I walked across the Yangtze River today.
But first thing's first:
|My apartment building|
Yes, my blanket is a little small for my bed, but it covers me and keeps me warm, so it's all good. But my pillows are amazing. I will definitely have to take them back to the States with me.
Since last week, I worked. My boss and I had a nice little chat about how they need to find more for me to do there. I went to a yoga class (got another trial one tomorrow). And I met the newest FT working at the other center, Karen.
Karen, Nat, and I went touring in the city-center area yesterday. We went to the Provincial Museum, which was closed due to surrounding construction. Then walked to the Ming Ruins, which didn't look very ruin-y, but showed bases of where pillars of buildings used to stand. The sign implied that the ruins were a mini-version of the Forbidden City in Beijing - yet another reason to go there. We walked on; looking for a Communist Party building museum, couldn't find it, but ended up at the Presidential Palace, which was ridiculously large. We explored the museums there, saw some gardens - I don't think we saw half of it. I wonder what the people who built the large buildings did with all of the space, if they even used most of it.
|Entrance to Presidential Palace|
|Model of entire Presidential Palace|
From there we went to Nanjing 1912 - a series of historical buildings that have been transformed into a modern shopping, eating and nightclub area. Then we walked through the library (also very big and beautiful) to get to the metro to go home.
|Statue and 1st building in 1912|
Which brings us to today. I left the apartment and took a cab to the Yifeng Tower, which is at the top of Lion Rock Scenic Area. (Side note: China loves its scenic areas - tons of tourist sights in parks with beautiful views of the area, surrounded on the outside by shops, restaurants, and office buildings. Quite a contrast.) Anyway, when I entered I began walking along the Ming City Wall, until I realized it wasn't going to get me where I wanted to go, which was the tower, so I turned around and started climbing the steps. Eventually, I reached the tower, which, like most pagodas, was beautiful. I love the bright colors in which so many historic (sometimes "historic" - read: remodeled) buildings are painted. It's seven stories tall, and you have to go down a set of steps to enter the building, which houses portraits of the 16 Ming Dynasty emperors, artifacts of Ming Culture, a tourist shop, a 3-story tall porcelain mural depicting the travels of Zheng He (see previous entry on the Treasure Shipyards), a 24K gold dragon on the ceiling, and beautiful views of the Yangtze River and Nanjing.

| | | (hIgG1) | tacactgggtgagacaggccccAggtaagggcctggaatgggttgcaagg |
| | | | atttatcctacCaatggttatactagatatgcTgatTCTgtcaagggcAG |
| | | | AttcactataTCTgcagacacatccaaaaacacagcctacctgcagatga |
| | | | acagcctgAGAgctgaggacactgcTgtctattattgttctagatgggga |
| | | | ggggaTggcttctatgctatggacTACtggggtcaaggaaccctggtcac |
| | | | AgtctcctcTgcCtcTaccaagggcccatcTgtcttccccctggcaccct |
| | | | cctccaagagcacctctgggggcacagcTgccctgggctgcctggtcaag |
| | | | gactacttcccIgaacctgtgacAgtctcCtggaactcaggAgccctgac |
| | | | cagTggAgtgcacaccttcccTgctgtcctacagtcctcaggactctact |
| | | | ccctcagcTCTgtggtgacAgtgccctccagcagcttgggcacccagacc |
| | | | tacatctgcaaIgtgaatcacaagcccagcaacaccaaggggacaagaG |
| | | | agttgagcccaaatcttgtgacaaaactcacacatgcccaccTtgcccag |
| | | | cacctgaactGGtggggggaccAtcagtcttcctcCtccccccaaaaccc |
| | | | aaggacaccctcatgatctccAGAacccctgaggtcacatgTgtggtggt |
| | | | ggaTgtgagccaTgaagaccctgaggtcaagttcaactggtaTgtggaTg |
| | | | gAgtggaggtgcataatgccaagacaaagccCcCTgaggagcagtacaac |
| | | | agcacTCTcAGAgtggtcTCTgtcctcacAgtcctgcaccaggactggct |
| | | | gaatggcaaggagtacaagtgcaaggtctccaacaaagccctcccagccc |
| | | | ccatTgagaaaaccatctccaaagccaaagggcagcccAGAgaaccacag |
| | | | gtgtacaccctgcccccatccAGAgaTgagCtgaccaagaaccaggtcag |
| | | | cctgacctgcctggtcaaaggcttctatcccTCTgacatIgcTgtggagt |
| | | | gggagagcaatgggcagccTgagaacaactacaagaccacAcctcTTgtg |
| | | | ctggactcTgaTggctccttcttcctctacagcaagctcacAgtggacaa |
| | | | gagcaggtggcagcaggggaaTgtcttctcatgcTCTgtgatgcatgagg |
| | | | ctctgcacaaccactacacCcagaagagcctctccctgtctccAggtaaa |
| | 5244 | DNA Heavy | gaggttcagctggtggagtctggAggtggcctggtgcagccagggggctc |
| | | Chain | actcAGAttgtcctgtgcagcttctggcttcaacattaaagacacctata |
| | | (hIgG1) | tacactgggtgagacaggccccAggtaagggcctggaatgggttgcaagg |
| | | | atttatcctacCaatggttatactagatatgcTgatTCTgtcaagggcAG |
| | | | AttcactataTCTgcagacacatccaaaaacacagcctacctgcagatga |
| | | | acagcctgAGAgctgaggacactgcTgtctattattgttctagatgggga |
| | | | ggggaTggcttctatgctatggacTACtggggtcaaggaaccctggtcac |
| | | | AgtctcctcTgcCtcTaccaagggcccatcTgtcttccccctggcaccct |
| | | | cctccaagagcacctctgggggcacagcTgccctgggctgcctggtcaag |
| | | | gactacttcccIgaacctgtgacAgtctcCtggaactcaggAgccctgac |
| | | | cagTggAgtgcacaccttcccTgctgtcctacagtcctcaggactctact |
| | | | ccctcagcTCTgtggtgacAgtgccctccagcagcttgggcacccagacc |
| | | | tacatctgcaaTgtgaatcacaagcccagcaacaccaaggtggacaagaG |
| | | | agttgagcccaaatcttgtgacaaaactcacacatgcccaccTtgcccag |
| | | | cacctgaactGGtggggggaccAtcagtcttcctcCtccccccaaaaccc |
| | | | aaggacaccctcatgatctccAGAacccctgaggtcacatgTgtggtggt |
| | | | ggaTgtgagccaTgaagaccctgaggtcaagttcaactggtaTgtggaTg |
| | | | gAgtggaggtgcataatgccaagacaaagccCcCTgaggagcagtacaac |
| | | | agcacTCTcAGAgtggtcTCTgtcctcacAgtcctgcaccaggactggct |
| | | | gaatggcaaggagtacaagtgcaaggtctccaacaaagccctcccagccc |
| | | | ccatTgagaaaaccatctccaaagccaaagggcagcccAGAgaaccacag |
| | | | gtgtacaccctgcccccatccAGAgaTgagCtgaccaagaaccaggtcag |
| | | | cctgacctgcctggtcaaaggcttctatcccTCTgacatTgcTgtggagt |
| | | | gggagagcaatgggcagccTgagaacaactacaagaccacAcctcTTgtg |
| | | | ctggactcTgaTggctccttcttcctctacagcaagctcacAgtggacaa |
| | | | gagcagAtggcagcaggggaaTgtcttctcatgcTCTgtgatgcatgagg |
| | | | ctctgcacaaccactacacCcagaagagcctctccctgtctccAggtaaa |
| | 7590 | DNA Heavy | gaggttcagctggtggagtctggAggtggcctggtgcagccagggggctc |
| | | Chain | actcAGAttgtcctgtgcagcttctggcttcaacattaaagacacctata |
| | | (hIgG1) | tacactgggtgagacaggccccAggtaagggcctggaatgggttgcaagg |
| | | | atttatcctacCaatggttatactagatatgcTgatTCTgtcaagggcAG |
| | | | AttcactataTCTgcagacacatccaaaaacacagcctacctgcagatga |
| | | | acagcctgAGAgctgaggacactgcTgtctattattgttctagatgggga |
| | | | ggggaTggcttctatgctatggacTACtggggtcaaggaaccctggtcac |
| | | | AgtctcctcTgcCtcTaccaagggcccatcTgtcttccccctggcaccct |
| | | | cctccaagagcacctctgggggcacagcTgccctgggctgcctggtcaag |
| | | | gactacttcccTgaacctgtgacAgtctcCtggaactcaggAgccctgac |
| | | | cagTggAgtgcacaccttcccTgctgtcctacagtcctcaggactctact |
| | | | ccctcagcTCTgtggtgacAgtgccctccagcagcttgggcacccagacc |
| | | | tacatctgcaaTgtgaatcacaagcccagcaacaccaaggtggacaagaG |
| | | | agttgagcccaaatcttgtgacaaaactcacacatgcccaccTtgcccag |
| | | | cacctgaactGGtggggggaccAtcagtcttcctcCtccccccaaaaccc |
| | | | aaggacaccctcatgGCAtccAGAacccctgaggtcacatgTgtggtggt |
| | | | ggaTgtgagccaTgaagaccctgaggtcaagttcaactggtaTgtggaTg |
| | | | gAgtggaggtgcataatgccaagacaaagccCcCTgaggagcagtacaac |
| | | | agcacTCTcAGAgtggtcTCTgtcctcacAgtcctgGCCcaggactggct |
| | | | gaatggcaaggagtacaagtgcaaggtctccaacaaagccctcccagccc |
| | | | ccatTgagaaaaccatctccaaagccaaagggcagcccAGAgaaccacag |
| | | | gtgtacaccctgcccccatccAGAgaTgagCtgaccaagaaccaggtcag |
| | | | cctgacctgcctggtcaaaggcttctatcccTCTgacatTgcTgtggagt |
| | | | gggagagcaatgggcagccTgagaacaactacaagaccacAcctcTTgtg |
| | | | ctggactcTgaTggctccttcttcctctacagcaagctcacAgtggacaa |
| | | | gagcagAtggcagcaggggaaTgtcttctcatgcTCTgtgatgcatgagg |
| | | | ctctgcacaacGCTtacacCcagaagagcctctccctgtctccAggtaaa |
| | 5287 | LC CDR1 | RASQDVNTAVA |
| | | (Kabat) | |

|Yifeng Tower (back left)|
|24K Gold Ceiling Dragon|
|Zheng He mural|
I continued to wander the scenic area for a bit longer. (In the distance, a street cleaning truck played "It's a Small World After All" - no kidding). I found a Cave for Hiding Soldier, which had a Buddha in the basement (I wonder if that was originally there), and some other neat sights. Next to/part of the Lion Rock scenic area is Jinghai Temple, which isn't really a temple, but a museum-esque series of buildings, where the Treaty of Nanjing (ending the Opium Wars in 1842) was signed. One of the buildings had a history of unfair treaties in China, which gave foreign countries control and power in China, which have now been re-signed so that China is self-empowered. I also stopped by YeiFei Gong Palace - the palace of the Heavenly Queen or something. It was ok, but the smaller, less known the site, the less English there is to explain what I'm seeing. I did see a Buddhist worship service at what I think was a temple for wealth, a neat dragon-turtle statue, and a blessing bell. Further along down the road in the scenic area were some stone lions, which you can see in a lot of places in Nanjing.
|Largest marble tablet in China - "On Yifeng Tower"|
|Tai Fei Gong Palace|
|Cool dragon-turtle with tablet|
Then I took a cab (since I wasn't exactly sure how far it was) to the Yangtze River Bridge Park - there is a fee to enter the park and another to go up the tower, but not very expensive at all. Took the elevator to the top of the tower and began walking. It's a little less than a mile long, so it was a relatively short walk, except I stopped a lot to take pictures of all the carved murals on the bridge.
|Cool carving on the bridge (I like the contrast of old & new)|
|Where I started|
|From whence I came|
It keeps getting more and more awesome.